About three months ago, I was as close to rock bottom as I’ve ever been. It took every ounce of energy to drag myself out of bed in the mornings. My idea of the perfect day was to stay in stretchy pants, veg out in front of the television, and just exist until it was time to crawl back into bed. (I wrote about it in an emotional post titled “Here’s The Truth.”) I was crying in the shower, in the car, in the office. I was crying while cooking supper, while folding laundry, while writing in my journal. I cried into my pillow, into the warm belly fur of reluctant kitties, into my pillow.
I was depressed.
One night, sometime in August, I verbalized my pain to Brian. Of course, he already knew. He’d been witnessing it all first hand. I’d been avoiding my friends and family for a couple of weeks, and he was right beside me during stretchy pants time. But I needed to find my soft place to land in him, confess my darkest fears and private feelings, talk it out with my best friend and confidant. Curled up on the bed beside him in the dark, my head in my hands, I poured out my heart.
He listened, comforting me through the hardest confessions, wiping away my tears, shedding a few of his own. And when I was finished, he looked at me in that way he has–like he can see into the depths of my soul. “When was the last time you did something that truly made you happy?” I pondered, going over the last few weeks in my brain. After several moments of silence, Brian smiled sadly and said, “It shouldn’t be that hard.”
“You’re right,” I whispered. “But what do I do?”
“You need to rejoin your life. We’ll always be sad about not being able to have a baby. Now we have to learn to live with that grief and still have a fulfilling life.”
I tucked his words into my heart like a precious jewel, and over the next few days, I cleaned myself up, dusted myself off, and tried to re-inject myself into life. Lunch with a friend, an afternoon shopping trip with another, a long telephone conversation with yet another. I opened the blinds and let the sunshine spill back in. Even though it hurt, I allowed myself to smile. And eventually, after some time, the laughter followed.
I wasn’t ‘happy’ again, but I was trying to be happy. And that was a mega-huge step in the right direction.
♥ ♥ ♥ ♥ ♥
It’s November 12, nearly halfway through Nanowrimo, and I’ve never felt less inspired. My desk is littered with post-it notes filled with To-Do lists. My phone dings relentlessly with emails that need to be answered, reminders for upcoming events or meetings, private messages that require my attention. I feel like there are a hundred bees buzzing in my brain, and no matter how hard I try, I can’t turn off the noise.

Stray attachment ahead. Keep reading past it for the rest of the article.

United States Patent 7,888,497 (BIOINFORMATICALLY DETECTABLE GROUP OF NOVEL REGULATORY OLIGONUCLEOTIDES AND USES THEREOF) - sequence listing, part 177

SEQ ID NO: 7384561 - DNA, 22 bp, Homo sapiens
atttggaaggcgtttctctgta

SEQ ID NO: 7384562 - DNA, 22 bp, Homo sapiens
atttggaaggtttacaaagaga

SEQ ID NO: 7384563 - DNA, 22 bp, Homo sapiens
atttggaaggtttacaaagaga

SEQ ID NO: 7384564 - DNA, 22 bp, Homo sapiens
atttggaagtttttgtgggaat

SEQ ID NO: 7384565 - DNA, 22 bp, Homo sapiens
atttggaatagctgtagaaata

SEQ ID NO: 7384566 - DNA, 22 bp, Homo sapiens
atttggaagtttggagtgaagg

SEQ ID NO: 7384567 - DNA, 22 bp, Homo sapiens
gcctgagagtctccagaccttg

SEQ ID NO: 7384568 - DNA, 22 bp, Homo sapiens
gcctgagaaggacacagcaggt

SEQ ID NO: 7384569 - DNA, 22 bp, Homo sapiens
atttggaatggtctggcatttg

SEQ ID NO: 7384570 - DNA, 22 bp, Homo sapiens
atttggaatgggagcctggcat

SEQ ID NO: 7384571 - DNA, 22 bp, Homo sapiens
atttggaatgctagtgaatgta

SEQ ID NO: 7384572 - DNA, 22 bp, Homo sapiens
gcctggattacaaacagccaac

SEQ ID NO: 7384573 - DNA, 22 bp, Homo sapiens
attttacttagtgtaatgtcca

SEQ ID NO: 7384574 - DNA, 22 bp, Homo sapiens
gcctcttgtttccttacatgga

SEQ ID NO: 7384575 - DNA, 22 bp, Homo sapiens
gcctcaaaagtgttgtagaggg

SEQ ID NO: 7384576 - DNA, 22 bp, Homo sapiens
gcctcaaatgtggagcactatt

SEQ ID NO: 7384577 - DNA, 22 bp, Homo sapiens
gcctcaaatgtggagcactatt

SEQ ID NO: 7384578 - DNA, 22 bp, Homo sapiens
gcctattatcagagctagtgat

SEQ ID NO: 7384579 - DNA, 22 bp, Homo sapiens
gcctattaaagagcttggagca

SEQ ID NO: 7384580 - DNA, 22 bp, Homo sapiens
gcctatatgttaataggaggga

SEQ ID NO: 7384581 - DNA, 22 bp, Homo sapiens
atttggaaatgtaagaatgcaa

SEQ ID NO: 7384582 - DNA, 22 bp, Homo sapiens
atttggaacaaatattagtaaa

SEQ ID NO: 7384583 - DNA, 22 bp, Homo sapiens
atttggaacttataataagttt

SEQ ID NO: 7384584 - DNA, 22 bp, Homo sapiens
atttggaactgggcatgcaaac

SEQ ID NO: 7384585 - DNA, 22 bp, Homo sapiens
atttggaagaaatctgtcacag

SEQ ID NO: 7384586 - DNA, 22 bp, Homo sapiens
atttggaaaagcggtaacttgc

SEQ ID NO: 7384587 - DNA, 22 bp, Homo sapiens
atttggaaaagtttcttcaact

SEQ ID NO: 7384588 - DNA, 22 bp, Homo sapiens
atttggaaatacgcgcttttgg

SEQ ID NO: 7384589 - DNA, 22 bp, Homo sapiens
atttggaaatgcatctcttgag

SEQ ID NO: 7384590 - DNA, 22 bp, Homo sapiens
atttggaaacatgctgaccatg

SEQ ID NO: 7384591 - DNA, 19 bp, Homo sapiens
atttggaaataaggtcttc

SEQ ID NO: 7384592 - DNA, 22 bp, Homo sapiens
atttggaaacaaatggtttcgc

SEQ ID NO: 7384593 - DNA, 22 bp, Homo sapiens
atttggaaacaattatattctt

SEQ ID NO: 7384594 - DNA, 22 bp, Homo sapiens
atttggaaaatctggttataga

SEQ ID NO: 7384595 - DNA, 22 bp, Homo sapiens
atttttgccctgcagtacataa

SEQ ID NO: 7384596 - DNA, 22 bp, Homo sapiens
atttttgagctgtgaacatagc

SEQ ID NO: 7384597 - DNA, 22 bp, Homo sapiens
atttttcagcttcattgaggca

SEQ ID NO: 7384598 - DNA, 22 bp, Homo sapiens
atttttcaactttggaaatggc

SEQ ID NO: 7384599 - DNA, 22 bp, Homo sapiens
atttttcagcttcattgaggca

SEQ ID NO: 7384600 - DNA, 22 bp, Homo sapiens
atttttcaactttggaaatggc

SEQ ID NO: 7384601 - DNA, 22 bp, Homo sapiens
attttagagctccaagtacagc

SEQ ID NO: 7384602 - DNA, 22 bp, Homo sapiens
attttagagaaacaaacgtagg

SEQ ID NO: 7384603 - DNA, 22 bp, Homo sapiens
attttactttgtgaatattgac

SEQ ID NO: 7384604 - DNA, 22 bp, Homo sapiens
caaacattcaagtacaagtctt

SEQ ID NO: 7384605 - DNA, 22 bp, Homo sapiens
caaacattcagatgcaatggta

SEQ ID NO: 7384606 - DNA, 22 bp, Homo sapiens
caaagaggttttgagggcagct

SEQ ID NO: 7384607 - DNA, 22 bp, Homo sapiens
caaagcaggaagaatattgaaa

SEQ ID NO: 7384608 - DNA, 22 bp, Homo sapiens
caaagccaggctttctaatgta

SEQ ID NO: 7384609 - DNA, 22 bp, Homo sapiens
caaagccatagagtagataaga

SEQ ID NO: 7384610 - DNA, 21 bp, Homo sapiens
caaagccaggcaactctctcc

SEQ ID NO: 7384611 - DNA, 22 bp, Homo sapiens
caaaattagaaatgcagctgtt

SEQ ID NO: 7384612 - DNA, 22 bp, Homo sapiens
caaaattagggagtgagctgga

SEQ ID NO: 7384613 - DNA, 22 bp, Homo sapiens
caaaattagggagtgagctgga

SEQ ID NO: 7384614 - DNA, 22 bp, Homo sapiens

My frustration reached a boiling point, and once again, I found myself turning to my husband for advice. I fussed about problems that aren’t mine to fix, whined about my lackluster word count, bemoaned my missing creativity. “I just don’t feel like a writer anymore,” I said. “I just don’t have the time or the inclination to do it.”
“If you didn’t have the inclination to write, you wouldn’t worry so when you aren’t writing,” he said. “It’s the time you don’t have.”
I sighed. “I know I’ve been really busy lately. I’m sorry.”
He looked at me in that way he has–like he can see into the depths of my soul. “When was the last time you did something that truly made you happy?”
This time I didn’t hesitate. I rattled off five or six things with relative ease.
“Let me rephrase,” he said. “When was the last time you did something JUST FOR YOU? Something that made you giddy inside? Just for Abby. No one else.”
I shut my mouth and, yet again, could offer no answer.
“You’re stretched too thin. Too many irons in the fire,” he said. “What are some things that brought you joy before?”
“My blog. Writing my book. Chasing my dream of being published.” The answers rolled off my tongue without much thought.
“So you need to get back to that, then. Start writing every day again. Pull out that list of agents and dust it off. Get back on the horse. I know you can do it. You just have to make time for it. Make it a priority again, like you did earlier this year.”
I heard his words and knew he was right. But in that moment, I realized what I’d been doing. In an attempt to learn to live with the grief of infertility, I’d been filling my life with things to keep my mind as busy as possible so I wouldn’t think about the things that had led me to my two-week long stretchy pants sabbatical.
I tucked his words into my heart where all his other bits of wisdom live. I let myself cry a little, to feel the sadness that is always lingering but that I hadn’t allowed myself to access in weeks.
The journey of mourning isn’t an easy one. We are learning in the process which avenues work and which ones don’t. We are making detours and getting stuck in emotional traffic and occasionally, taking a totally wrong turn and winding up in the wrong part of town. But the one thing I know for sure about all of this?
Brian is the most reliable GPS on the market.